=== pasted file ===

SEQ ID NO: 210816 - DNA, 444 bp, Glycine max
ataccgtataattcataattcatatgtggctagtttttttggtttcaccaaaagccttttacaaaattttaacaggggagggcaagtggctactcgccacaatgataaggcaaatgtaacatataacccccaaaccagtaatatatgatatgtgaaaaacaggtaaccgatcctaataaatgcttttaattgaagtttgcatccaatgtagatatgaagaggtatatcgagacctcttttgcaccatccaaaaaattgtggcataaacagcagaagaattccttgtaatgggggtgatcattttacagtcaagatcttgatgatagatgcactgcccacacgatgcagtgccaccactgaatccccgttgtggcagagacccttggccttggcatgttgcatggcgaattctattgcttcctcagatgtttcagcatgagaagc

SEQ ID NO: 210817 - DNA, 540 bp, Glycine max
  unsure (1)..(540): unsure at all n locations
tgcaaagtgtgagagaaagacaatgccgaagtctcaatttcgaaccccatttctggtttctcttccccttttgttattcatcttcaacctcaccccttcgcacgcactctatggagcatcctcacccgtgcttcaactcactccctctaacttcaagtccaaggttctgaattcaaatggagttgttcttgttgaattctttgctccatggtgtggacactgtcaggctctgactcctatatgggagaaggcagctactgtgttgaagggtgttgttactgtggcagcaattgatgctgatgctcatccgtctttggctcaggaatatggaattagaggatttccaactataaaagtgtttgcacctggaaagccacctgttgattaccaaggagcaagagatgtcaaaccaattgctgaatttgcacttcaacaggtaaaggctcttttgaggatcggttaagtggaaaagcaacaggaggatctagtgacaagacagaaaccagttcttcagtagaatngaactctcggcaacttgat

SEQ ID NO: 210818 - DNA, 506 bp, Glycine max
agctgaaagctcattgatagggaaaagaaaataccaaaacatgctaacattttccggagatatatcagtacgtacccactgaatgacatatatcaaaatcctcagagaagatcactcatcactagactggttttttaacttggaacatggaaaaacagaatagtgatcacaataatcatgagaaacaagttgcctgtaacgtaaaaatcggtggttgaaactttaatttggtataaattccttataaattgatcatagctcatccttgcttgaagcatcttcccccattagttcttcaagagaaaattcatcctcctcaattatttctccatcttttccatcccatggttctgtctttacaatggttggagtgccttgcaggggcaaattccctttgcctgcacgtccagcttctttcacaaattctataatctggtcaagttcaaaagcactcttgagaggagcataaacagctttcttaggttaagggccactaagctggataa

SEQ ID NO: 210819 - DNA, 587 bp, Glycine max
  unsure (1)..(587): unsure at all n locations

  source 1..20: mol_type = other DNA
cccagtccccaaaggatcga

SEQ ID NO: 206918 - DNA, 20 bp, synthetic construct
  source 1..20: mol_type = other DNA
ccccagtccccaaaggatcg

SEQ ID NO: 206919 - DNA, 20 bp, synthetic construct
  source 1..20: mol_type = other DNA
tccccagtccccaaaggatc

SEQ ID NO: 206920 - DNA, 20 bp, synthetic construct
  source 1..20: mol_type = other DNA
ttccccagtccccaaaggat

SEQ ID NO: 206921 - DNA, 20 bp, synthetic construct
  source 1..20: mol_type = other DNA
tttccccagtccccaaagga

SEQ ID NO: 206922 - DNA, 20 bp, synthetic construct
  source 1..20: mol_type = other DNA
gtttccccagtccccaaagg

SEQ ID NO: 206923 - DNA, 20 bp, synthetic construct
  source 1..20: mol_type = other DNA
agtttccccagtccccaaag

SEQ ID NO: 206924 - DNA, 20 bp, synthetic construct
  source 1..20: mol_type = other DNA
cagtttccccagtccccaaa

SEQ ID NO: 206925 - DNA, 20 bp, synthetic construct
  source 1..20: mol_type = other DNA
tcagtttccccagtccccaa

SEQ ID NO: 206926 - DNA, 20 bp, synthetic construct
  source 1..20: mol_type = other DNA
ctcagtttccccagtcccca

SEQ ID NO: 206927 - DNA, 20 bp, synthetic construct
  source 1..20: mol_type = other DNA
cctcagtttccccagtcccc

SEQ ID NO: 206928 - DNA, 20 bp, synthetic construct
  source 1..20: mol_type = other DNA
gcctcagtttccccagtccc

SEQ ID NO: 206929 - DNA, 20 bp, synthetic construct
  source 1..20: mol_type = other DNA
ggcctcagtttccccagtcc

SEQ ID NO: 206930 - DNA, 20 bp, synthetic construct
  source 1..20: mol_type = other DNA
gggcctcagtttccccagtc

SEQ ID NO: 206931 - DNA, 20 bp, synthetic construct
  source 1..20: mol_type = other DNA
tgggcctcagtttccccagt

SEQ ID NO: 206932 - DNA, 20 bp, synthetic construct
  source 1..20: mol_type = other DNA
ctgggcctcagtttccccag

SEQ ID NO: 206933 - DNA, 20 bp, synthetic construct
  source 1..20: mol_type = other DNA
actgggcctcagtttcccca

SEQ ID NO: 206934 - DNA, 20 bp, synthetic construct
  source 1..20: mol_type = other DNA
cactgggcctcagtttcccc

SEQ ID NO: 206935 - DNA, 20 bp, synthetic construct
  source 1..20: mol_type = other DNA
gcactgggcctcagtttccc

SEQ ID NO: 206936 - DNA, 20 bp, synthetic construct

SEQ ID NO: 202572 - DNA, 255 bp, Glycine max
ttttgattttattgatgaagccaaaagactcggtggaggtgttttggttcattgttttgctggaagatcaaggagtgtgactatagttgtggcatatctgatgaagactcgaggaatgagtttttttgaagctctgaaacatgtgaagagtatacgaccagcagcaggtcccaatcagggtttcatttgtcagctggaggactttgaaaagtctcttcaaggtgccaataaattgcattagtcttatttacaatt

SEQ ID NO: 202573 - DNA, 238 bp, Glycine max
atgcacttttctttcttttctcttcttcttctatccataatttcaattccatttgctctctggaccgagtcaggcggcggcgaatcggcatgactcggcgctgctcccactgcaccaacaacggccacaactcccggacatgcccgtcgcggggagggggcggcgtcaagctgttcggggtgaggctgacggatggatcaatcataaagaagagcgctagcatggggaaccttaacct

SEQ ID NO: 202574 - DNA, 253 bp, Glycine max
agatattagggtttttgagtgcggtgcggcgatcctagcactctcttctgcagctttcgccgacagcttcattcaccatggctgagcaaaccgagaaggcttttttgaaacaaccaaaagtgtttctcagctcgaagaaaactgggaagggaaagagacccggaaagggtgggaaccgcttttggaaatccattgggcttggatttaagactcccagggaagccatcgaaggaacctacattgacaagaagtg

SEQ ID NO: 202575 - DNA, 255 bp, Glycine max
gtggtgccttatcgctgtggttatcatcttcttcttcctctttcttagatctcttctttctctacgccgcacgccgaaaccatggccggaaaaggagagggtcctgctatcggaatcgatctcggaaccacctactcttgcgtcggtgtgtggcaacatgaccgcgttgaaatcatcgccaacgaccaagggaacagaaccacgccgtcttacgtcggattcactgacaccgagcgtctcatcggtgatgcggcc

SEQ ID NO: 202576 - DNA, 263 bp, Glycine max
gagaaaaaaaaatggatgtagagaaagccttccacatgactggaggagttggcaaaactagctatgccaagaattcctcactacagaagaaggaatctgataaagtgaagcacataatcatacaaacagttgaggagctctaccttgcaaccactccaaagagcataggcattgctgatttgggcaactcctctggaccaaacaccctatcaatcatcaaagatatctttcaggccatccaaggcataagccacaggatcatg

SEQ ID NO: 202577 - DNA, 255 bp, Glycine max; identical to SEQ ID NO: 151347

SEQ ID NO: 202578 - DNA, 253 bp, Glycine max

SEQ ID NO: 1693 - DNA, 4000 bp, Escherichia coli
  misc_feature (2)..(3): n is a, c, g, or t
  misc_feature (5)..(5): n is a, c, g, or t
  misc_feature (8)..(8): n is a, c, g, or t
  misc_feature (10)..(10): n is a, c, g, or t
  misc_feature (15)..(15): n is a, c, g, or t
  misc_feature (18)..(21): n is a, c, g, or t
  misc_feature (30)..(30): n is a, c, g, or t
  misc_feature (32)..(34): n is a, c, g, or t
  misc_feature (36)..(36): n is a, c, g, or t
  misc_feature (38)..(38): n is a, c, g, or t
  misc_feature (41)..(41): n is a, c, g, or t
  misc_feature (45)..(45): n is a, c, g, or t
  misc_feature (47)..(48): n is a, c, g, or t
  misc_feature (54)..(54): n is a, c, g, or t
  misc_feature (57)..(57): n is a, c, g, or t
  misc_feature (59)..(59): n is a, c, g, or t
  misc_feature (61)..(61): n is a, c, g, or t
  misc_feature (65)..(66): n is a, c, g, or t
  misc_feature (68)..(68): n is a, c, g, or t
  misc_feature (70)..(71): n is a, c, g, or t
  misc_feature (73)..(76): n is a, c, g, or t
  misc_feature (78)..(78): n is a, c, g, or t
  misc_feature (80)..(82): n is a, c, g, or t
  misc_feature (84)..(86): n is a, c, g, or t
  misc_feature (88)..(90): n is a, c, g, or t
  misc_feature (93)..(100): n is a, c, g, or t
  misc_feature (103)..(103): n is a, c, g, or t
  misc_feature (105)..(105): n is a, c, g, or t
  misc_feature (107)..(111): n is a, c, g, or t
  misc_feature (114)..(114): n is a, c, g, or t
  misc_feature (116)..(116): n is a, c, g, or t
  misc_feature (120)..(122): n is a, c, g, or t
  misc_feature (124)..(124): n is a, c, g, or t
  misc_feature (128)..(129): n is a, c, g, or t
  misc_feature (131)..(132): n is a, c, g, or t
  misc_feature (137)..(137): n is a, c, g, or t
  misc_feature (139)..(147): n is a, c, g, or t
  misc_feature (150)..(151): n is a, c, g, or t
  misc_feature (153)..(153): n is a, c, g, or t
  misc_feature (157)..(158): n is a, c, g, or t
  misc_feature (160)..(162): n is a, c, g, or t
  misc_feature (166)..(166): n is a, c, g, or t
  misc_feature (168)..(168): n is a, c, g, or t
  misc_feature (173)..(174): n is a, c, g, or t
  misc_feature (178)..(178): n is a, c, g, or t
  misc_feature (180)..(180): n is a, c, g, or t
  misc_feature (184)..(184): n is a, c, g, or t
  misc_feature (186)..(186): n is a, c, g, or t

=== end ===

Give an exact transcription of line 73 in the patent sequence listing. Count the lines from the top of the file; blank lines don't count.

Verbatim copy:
SEQ ID NO: 202575 - DNA, 255 bp, Glycine max